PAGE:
Recently, BellMont was employed to undertake an inspection of this property by the strata committee in charge of it. During our diagnostic investigations, we discovered that there was a large amount of concrete in the structure that was unsuitable and in need of remediation.
As you can see below, the defects were quite extensive and required some consideration on how to best approach the task at hand. It was decided that the most effective method to repair the damage before it worsened and caused any catastrophic failures, was to use hand applied repair methods.
This approach involves:
Below are some pictures of this process.
Often these defects are a safety concern and will only worsen over time. So if you're concerned about your concrete, don't hesitate to contact us and start the process now.
Shotcrete also known as “gunite” is a widely used speciality concrete or mortar. Unlike the commonly used concrete, shotcrete is projected rapidly onto a prepared surface through a nozzle, rather than cured in a mixer and poured out onto a surface. Depending on the size of the project and amount of concrete required, shotcrete can be applied to a surface either manually or with the use of a machine,using a wet-mix or dry-mix spraying.
This solution is comprised of sand and gravel mixed with cement water. Supplemental fine material additives and chemical additives are then added to create the perfect consistency for the task required.
The use of shotcrete is beneficial for those within the construction industry as:
BellMont have experience with using shotcrete on number of projects which include the retaining wall rectification at Wardell Road, Earlwood, and the croft at Musgrave Street Mosman to name a few . If you are looking to use this material on your building and require our expertise, remember... our help is only a click away!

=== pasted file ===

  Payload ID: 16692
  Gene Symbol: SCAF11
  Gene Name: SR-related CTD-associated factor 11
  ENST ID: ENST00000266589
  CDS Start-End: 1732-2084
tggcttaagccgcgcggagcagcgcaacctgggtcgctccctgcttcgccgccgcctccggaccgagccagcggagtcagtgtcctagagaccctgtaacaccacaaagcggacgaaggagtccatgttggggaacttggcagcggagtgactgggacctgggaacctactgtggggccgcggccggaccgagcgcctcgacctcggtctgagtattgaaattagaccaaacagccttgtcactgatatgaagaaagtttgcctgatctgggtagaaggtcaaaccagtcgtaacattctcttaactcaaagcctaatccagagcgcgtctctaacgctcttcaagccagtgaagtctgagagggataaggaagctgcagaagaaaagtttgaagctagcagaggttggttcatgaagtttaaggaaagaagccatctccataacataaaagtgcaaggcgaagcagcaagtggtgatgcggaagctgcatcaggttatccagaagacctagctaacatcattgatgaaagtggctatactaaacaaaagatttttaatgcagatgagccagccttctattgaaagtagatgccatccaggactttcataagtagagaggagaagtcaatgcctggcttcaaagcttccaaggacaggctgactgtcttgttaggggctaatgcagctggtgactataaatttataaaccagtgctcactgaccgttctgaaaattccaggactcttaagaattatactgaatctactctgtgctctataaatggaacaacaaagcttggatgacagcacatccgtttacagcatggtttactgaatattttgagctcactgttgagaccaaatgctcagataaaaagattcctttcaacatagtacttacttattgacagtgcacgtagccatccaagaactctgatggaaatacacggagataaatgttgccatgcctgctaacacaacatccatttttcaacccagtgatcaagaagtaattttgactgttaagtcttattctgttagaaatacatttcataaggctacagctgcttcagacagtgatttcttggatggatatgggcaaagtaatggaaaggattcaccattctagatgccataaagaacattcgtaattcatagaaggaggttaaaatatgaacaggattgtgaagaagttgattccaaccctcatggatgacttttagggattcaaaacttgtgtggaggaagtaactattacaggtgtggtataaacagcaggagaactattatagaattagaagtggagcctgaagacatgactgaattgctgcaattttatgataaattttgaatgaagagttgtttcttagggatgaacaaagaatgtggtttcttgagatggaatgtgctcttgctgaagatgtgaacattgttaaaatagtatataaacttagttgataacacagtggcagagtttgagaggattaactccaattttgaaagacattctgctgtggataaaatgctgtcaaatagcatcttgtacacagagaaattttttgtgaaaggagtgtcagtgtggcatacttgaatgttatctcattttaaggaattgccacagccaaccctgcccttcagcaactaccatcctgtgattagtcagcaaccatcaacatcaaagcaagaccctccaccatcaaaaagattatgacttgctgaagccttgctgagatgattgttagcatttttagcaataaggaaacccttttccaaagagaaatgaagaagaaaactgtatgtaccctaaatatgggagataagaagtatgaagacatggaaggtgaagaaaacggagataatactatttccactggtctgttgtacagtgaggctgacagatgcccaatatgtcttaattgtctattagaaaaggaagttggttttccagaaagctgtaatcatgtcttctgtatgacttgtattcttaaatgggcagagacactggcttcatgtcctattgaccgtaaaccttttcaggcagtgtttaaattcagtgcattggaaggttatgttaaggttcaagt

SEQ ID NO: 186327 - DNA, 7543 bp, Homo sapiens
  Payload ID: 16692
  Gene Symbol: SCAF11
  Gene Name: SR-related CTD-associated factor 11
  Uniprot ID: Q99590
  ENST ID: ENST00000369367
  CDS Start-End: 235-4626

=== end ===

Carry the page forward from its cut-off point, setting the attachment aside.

You may have heard the term Delamination before, but not really know exactly what it means. Delamination refers to a kind of mechanical failure in composite materials and steel. It’s characterised by the separation of a material into subsequent layers, therefore no longer being one solid object, but rather multiple; ultimately resulting in an unusable material.
With the large usage of composite and steel materials within the construction industry, it’s a fair concern. Part of what makes delamination so worrying is how insidious it is, in that it is a failure that occurs within the material; rarely seen on the surface making diagnosing the defect sometimes quite difficult.
The phenomenon can be caused due to a number of reasons and the impact it can have on a project can be devastating. Delamination causes the effected material(s) to lose a great deal of their strength, making their presence in a structure virtually useless.
Some common causes for Delamination are:
It is essential to stay vigilant when any defects present themselves in general, but even more so in the case of composite materials, as delamination usually appears alongside most other defects that affect these materials.
Most often, the only way to solve an issue involving delamination will involve the reconstruction/replacement of the material(s) that have delaminated.